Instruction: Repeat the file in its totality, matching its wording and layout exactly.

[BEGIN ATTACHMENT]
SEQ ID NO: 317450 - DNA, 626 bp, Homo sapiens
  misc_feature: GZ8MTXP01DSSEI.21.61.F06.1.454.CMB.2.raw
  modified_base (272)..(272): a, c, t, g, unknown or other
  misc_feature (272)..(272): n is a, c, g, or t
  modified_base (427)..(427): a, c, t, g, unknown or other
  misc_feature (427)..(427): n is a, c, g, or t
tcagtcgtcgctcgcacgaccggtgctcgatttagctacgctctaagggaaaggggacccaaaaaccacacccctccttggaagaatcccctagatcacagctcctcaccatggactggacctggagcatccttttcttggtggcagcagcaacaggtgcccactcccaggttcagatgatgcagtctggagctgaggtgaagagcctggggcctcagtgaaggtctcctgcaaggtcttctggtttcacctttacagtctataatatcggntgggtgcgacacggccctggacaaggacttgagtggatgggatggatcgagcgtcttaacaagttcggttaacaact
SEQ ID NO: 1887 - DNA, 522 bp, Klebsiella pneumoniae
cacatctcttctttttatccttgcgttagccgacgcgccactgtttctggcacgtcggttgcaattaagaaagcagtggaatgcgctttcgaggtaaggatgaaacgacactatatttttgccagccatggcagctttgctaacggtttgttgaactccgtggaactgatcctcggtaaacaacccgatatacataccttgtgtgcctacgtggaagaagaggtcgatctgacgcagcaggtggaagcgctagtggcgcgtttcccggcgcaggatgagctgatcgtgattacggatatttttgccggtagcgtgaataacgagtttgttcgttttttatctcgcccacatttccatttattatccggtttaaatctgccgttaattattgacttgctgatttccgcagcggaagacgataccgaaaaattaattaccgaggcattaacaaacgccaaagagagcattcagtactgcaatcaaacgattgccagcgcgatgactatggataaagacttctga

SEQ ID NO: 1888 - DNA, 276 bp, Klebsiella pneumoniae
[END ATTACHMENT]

SEQ ID NO: 317450 - DNA, 626 bp, Homo sapiens
  misc_feature: GZ8MTXP01DSSEI.21.61.F06.1.454.CMB.2.raw
  modified_base (272)..(272): a, c, t, g, unknown or other
  misc_feature (272)..(272): n is a, c, g, or t
  modified_base (427)..(427): a, c, t, g, unknown or other
  misc_feature (427)..(427): n is a, c, g, or t
tcagtcgtcgctcgcacgaccggtgctcgatttagctacgctctaagggaaaggggacccaaaaaccacacccctccttggaagaatcccctagatcacagctcctcaccatggactggacctggagcatccttttcttggtggcagcagcaacaggtgcccactcccaggttcagatgatgcagtctggagctgaggtgaagagcctggggcctcagtgaaggtctcctgcaaggtcttctggtttcacctttacagtctataatatcggntgggtgcgacacggccctggacaaggacttgagtggatgggatggatcgagcgtcttaacaagttcggttaacaact
SEQ ID NO: 1887 - DNA, 522 bp, Klebsiella pneumoniae
cacatctcttctttttatccttgcgttagccgacgcgccactgtttctggcacgtcggttgcaattaagaaagcagtggaatgcgctttcgaggtaaggatgaaacgacactatatttttgccagccatggcagctttgctaacggtttgttgaactccgtggaactgatcctcggtaaacaacccgatatacataccttgtgtgcctacgtggaagaagaggtcgatctgacgcagcaggtggaagcgctagtggcgcgtttcccggcgcaggatgagctgatcgtgattacggatatttttgccggtagcgtgaataacgagtttgttcgttttttatctcgcccacatttccatttattatccggtttaaatctgccgttaattattgacttgctgatttccgcagcggaagacgataccgaaaaattaattaccgaggcattaacaaacgccaaagagagcattcagtactgcaatcaaacgattgccagcgcgatgactatggataaagacttctga

SEQ ID NO: 1888 - DNA, 276 bp, Klebsiella pneumoniae